The joystick took a little getting used to, but I finally got the hang of that as well. The buttons on the bottom are a little small for my "tired, old eyes" to see, but are unobtrusive and don't take away from the smooth looks of the Kindle.
I loved the way the Kindle could easily switch from portrait to landscape viewing just by turning the Kindle in your hands. The zoom in feature and font size feature is also very nice for "tired, old eyes." And, I could see how the search, bookmark, note, and highlight features could come in very handy. Plus, the Go To feature does come in handy as well.
Since I knew I had so many of my own items to download to my Kindle I decided I would set up collections for my e-patterns, e-books, my sister's e-patterns, and other books, magazines, etc. that I might wish to download. With a lot of items on the Kindle the collections and go-to capabilities comes in very handy.
In order to download my e-patterns and e-books, which are in .PDF format, I had to connect my Kindle to my computer via the USB cord, which was included with my Kindle. The USB cord is a combination electrical cord and USB cord all in one. The electrical cord end is actually an adapter that comes off to reveal a USB end underneath, which is really kinda cool.
So, I connected my Kindle and then set about to download and organize all my e-patterns and e-books. It took a little while to organize them, as I had so many, but once they were downloaded and organized it was easy to find what I wanted.
Here's what my organized by collection "Home" page looked like:
So, if I want to view one of my e-patterns I would go to Linda's Patterns and click the joystick to select that collection.
The next screen shows a list of the items in my "Lindas Patterns' collection. The Kindle sorted the epatterns initally by "most recent first" which I changed to sorting "by title" within each collection so I could easily find the e-pattern I wanted.
I decided to view one of my free e-patterns. The cover page came in exactly as I had it set up in my .PDF which is two-page booklet to simulate a typical front and back page pattern cover.
Next came the instructions page which were all very easy to read.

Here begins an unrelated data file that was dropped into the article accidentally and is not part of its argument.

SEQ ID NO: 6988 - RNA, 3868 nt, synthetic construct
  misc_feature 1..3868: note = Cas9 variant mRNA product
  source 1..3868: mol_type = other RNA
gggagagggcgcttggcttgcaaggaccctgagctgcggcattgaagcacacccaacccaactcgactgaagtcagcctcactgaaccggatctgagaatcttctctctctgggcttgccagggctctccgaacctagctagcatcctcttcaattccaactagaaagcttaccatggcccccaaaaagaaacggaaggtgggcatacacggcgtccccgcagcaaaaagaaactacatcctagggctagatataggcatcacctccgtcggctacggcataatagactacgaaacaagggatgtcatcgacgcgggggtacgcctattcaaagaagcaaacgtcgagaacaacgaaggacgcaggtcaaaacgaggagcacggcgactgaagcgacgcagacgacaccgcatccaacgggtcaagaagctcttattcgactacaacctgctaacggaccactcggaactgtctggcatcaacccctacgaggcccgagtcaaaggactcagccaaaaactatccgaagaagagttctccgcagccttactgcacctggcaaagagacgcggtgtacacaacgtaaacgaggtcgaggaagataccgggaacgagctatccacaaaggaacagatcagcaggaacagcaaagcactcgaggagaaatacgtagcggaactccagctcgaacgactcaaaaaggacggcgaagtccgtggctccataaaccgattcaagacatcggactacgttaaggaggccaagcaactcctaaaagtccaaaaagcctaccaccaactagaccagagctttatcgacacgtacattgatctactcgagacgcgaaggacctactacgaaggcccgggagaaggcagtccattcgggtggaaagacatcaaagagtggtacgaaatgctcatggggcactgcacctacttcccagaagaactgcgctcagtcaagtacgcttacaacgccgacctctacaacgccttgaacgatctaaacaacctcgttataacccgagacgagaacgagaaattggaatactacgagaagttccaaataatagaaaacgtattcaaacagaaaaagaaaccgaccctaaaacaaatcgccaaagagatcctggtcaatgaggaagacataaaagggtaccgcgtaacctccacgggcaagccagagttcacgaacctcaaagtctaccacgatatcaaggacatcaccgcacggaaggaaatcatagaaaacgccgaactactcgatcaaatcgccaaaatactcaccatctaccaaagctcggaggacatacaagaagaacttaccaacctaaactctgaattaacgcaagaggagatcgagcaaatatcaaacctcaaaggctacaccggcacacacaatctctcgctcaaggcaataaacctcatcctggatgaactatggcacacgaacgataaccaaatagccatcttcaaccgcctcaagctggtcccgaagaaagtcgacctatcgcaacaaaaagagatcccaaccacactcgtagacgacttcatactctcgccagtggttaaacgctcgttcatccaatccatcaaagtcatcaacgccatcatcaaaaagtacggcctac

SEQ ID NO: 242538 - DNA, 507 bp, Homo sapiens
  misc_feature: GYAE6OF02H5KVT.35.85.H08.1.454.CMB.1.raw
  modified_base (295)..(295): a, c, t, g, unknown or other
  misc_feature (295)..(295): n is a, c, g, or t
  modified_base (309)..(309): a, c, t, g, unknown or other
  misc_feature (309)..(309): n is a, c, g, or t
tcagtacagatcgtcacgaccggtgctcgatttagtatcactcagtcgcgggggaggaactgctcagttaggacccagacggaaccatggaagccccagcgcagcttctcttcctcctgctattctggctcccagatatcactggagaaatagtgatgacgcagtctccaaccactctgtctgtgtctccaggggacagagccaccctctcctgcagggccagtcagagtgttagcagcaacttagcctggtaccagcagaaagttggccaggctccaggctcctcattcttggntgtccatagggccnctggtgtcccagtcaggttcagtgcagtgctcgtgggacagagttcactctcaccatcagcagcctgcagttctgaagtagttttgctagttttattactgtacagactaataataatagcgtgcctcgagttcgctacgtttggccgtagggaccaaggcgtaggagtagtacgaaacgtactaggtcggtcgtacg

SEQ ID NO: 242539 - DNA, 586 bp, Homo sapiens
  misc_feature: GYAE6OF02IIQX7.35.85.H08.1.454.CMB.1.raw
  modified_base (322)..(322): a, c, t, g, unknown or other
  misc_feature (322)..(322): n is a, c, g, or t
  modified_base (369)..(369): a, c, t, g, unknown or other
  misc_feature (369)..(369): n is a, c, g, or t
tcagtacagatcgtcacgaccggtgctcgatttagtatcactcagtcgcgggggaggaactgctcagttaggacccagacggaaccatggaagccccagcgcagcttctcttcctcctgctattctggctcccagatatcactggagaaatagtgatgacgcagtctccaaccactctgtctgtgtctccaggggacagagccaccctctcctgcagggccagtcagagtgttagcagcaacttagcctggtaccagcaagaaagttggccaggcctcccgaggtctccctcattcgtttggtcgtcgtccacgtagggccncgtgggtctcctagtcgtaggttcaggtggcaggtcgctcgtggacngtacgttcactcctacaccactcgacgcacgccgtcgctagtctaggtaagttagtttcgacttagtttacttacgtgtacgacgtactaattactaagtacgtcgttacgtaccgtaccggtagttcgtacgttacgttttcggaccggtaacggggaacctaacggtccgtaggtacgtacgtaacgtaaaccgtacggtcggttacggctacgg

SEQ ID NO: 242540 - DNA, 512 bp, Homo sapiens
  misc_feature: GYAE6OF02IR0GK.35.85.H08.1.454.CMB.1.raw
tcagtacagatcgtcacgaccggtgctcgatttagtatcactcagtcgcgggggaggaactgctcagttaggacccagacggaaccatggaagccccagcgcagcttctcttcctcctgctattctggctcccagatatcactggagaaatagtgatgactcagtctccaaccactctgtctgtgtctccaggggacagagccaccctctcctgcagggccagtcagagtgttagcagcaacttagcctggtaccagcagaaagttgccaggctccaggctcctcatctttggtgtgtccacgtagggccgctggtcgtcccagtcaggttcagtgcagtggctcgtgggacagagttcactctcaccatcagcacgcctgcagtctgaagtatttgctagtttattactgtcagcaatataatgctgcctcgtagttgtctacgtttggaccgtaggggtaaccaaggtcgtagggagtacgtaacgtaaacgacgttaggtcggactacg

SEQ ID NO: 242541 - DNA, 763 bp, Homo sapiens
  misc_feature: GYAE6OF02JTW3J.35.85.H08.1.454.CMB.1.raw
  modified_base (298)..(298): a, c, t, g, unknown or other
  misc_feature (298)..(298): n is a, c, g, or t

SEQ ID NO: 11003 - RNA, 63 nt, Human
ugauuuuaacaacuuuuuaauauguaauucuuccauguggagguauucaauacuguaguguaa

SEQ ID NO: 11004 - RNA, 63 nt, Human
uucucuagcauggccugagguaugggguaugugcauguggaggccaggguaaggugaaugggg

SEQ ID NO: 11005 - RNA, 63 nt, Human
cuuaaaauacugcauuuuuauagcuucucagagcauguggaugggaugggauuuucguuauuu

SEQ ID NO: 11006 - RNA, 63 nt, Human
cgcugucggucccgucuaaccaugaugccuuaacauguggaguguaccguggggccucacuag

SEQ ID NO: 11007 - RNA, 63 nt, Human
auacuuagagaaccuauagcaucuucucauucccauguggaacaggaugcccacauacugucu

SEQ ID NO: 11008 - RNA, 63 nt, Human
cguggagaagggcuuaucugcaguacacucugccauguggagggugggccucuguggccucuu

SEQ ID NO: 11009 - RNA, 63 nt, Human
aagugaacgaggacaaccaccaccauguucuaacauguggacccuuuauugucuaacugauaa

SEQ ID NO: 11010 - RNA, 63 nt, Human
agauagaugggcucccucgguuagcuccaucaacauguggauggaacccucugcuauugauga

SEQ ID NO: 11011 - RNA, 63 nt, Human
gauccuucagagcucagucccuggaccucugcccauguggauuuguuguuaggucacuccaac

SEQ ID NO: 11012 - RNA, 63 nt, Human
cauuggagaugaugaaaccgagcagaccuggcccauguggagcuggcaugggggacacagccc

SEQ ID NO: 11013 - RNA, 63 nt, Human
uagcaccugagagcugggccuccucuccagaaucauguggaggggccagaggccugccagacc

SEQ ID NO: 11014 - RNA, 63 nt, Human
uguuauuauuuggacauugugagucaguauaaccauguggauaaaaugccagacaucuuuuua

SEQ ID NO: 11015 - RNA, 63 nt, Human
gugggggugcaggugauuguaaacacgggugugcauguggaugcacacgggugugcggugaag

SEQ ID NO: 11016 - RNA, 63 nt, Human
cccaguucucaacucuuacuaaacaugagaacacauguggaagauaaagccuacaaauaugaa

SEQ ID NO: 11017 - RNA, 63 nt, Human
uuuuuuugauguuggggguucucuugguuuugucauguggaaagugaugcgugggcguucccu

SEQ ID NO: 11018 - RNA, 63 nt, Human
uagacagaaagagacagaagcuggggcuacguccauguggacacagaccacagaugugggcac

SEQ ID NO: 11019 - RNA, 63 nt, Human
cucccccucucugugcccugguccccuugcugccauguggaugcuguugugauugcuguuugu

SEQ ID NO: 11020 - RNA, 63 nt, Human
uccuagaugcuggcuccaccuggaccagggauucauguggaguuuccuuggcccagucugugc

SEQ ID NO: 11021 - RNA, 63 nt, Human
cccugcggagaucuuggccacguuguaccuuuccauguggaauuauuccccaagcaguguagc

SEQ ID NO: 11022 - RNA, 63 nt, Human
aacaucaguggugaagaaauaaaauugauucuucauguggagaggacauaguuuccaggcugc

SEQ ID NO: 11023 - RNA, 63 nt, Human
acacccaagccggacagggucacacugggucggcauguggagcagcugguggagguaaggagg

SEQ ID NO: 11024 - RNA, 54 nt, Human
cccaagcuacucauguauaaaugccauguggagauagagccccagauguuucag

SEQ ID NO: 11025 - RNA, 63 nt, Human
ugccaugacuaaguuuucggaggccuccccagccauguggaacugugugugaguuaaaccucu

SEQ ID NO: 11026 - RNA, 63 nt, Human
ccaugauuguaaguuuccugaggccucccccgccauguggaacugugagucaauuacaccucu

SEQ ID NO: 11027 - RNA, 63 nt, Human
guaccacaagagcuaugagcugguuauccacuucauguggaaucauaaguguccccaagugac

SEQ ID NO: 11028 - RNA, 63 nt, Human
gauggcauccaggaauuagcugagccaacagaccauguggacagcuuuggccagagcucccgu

Then, my diagrams pages, which were also very easy to read.
And, finally, the pattern piece sheets which were also very easy to read.
I wanted to see how color might be affected by the grey scale Kindle version so I decided to view some of my e-books which had more color in them to see if it made a difference.
Here's how the cover page of my free "Linda's How-Do-I Series? How To Create Fast and Easy Cloth, Paper and E-Printable Ornaments" which has a lot of color looked:
Then the instructions pages:
The pattern pieces pages:
And, the colored e-printables pages:
The grey-scale differentiated the colors so you were able to see that one was a little different than another. Since the colored e-printable would be printed on a color printer viewing them in grey-scale on the Kindle was no problem.
Despite the remarkable differentiation of the grey-scale picture mode, I can see how viewing arts & crafts books or magazines that have a lot of color pictures might suffer a bit on the grey-scale version of the Kindle. For e-patterns, however, which are created mainly in black and white to cut-down on the toner usage when printing the pattern, viewing them on the Kindle is fine.
I very quickly decided that I would like having all my e-patterns and other e-patterns I'd purchased stored on the Kindle right next to my sewing machine as that would come in very handy indeed. I could download e-patterns or e-books I wanted to my computer, print off the pattern piece sheets I needed for making the item in the pattern, and then download the entire e-pattern to my Kindle.
I would no longer need to store boxes upon boxes of patterns. Of course, if I still wanted a printed version I could easily print the whole e-pattern that I had saved on my computer or connect my Kindle to my computer via the USB post, select the Kindle, select the .PDF e-pattern I wanted and print from there.
All in all I was very pleased with the way my e-patterns downloaded to the Kindle. It was very easy to do and all the e-patterns were easily view-able. While I could view all my e-patterns in landscape mode on the Kindle since they were created as a .PDF to be printed in portrait the portrait viewing was preferable.
Kindle has a new color version called "Kindle Fire" which is coming out next week. It's 7.5" x 4.7" which makes it a lot smaller than the version I currently have which is 10.4" x 7.2".
A color version of the Kindle might be nice. However, while I do think that viewing in color would enhance the viewing pleasure of a lot of crafts books or magazines loaded with color pages I'm going to stick with my Kindle DX for now.
I like the size of it.
It's just right for my "tired, old eyes."
Copyright © 2011 - All Rights Reserved - Written By Linda Walsh of Linda Walsh Originals, Linda Walsh Originals E-Patterns, and Linda's Blog. Linda is a doll maker and doll pattern designer. http://lindawalshoriginals.com/